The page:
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Indonesia and ADB

ADB operations in Indonesia are guided by the country partnership strategy covering 2020–2024, which aims to support inclusive, competitive, and sustainable development.

ADB's Work in Indonesia

ADB Membership

Joined 1966

Shareholding and Voting Power

Number of shares held:
578,100 (5.434% of total shares)

Votes:
617,214 (4.641% of total membership, 7.127% of total regional membership)

Overall capital subscription:
$8.33 billion

Paid-in capital subscription:
$416.38 million

Indonesia was a founding member of the Asian Development Bank (ADB) in 1966. Today, the country is ADB’s sixth largest shareholder and one of its largest sovereign borrowers.

Indonesia has made remarkable development strides in the 21st century, including sustained economic growth and significant reductions in poverty. An upper middle-income country, Indonesia aspires to be a high-income country by 2045, while avoiding the middle-income trap. The country’s progress is, however, at risk of reversal because of the impacts of the coronavirus disease (COVID-19) pandemic on lives and livelihoods. Public health measures and expanded social and economic assistance are among the near-term priorities. Then, as part of a sustainable economic recovery, Indonesia must overcome its longstanding development challenges, including developing human capital, boosting competitiveness, managing climate change and disaster risks, and achieving environmental sustainability. ADB operations in Indonesia are guided by the country partnership strategy covering 2020–2024, which aims to support inclusive, competitive, and sustainable development.

Since 1966, ADB has committed sovereign and nonsovereign loans, grants, and technical assistance totaling $43.37 billion for Indonesia.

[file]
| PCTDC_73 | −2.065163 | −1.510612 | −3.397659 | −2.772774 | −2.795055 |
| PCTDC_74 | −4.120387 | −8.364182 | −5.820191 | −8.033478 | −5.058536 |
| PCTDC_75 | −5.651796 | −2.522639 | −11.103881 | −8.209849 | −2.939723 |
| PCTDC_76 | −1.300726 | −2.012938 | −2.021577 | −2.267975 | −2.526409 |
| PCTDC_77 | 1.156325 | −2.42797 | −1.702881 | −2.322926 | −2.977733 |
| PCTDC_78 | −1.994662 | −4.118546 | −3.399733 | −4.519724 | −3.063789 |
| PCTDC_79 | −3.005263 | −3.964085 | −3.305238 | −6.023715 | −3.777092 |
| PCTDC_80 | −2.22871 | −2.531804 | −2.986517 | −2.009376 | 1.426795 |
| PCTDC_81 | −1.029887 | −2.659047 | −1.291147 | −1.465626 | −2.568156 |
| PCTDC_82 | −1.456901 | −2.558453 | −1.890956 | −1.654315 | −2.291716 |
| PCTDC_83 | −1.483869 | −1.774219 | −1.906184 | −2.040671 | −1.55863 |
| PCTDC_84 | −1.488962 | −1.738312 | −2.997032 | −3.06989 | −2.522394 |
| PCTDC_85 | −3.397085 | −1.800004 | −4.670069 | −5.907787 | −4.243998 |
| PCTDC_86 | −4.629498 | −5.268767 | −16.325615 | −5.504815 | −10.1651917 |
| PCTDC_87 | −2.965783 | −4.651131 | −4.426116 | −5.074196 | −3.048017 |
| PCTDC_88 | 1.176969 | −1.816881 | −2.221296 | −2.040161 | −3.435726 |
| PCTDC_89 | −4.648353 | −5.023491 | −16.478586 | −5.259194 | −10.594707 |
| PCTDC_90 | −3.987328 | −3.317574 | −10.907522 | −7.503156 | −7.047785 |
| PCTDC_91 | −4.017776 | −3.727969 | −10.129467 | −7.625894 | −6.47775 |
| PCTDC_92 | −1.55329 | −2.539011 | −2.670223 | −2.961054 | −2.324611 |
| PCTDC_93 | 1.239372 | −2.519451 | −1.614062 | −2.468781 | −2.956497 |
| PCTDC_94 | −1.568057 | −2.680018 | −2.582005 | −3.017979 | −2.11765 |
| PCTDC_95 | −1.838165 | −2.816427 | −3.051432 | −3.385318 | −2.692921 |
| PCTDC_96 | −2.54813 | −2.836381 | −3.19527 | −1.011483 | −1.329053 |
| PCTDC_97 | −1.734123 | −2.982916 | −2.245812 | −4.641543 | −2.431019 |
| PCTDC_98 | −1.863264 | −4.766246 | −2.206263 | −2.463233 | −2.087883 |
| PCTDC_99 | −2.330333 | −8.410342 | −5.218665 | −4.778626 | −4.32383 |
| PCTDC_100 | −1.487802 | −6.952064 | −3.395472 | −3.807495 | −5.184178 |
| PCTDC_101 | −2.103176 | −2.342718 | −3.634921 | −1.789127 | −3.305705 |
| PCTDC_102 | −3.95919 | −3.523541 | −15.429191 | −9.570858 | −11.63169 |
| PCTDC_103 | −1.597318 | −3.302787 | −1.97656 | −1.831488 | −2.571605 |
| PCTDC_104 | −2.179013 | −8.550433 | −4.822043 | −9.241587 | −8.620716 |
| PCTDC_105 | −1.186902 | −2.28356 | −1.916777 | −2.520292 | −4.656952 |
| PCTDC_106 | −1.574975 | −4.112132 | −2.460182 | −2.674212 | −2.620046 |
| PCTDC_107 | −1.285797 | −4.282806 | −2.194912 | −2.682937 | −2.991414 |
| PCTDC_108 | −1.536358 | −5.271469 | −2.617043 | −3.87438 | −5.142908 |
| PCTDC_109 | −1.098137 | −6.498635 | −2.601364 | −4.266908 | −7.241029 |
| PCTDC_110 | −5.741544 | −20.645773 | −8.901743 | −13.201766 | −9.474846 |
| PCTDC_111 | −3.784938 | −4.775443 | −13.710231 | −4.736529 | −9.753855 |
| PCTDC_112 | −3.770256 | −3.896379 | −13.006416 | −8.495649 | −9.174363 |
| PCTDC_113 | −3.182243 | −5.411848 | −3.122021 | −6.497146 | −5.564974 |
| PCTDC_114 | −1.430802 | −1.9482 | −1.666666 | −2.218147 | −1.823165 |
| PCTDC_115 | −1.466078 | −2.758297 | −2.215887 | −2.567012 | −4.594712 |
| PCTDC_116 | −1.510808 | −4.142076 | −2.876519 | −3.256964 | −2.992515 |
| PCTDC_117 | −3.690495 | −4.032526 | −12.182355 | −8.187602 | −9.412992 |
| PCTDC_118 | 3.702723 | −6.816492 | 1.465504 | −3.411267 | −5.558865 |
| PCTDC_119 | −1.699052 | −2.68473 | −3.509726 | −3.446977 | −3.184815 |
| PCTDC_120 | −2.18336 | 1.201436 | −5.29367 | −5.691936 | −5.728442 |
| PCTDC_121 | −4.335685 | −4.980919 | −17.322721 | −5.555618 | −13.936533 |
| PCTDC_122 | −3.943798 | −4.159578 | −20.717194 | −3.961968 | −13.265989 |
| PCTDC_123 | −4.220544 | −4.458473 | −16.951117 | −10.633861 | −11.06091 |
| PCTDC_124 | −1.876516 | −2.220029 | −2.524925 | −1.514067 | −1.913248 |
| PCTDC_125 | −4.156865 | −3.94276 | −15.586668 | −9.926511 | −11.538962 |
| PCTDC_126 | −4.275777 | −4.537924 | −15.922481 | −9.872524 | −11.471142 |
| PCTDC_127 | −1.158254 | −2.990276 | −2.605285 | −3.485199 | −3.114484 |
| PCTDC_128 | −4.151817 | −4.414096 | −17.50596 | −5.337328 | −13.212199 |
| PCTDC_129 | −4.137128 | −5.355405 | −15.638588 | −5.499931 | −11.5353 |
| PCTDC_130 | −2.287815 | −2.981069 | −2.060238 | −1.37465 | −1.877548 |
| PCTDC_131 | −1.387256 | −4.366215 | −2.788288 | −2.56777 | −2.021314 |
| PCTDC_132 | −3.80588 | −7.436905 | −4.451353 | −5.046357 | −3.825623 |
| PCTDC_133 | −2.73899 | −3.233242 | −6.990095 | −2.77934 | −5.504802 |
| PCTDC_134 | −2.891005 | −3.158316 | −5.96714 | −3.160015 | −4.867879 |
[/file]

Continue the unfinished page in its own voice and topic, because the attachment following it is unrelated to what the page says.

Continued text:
Downtown Jakarta, Indonesia.

Cumulative loan and grant disbursements to Indonesia amount to $33.24 billion. These were financed by regular and concessional ordinary capital resources and other special funds.


ADB-Supported Projects and Programs

Across 2020, ADB committed $3.4 billion in sovereign loans and grants to Indonesia. This included emergency financing and budget support to combat COVID-19, support for geothermal power generation, contingent financing for disaster preparedness, and policy-based lending for electricity grid development and improved financial inclusion.

In March 2020, ADB approved a $3 million grant for Indonesia under the Asia Pacific Disaster Response Fund. The grant helped purchase key medical equipment and supplies, such as ventilators and personal protective gear, to support the Government of Indonesia’s efforts to contain the pandemic.

In April 2020, ADB committed $1.5 billion of countercyclical support for Indonesia under the COVID-19 Active Response and Expenditure Support Program. The program supports the management of the COVID-19 outbreak and mitigation of the socioeconomic damages caused by pandemic-related restrictions. As part of program implementation, a country engagement framework has been established between ADB and the government, private sector, and civil society that focuses on policy dialogue, monitoring, and reporting of the government’s countercyclical strategy and measures.

Indonesia has 40% of the world's geothermal resources. Developing it will help meet its target of reducing 30% CO2 emissions by 2030.

In August 2020, ADB committed $300 million to support the expansion of Indonesia’s geothermal generating capacity to contribute to the sustainability, resiliency, and sufficiency of the electricity system. The loan provided funding to commission an additional 110 megawatts of power in Central and West Java.

In September 2020, ADB committed $500 million to support reforms in disaster risk management and health services, helping manage the fiscal risks from future disasters caused by natural hazards and pandemics. The reforms will strengthen the resilience of Indonesian institutions and communities and reinforce the government’s response to future pandemics.

In December 2020, ADB committed $600 million of results-based lending to provide sustainable, equitable, and reliable access to electricity for people in Kalimantan, Maluku, and Papua. On top of strengthening and expanding the power distribution network, the program aims to increase the use of renewable energy, strengthen institutional capacity, and enhance monitoring for social impact and gender inclusion in the State Electricity Corporation’s operations.

Also in December 2020, ADB committed $500 million of policy-based lending to support the government’s ongoing efforts to enhance financial inclusion in Indonesia. This includes access to finance by micro, small, and medium-sized enterprises (MSMEs) and marginalized groups including women and youth.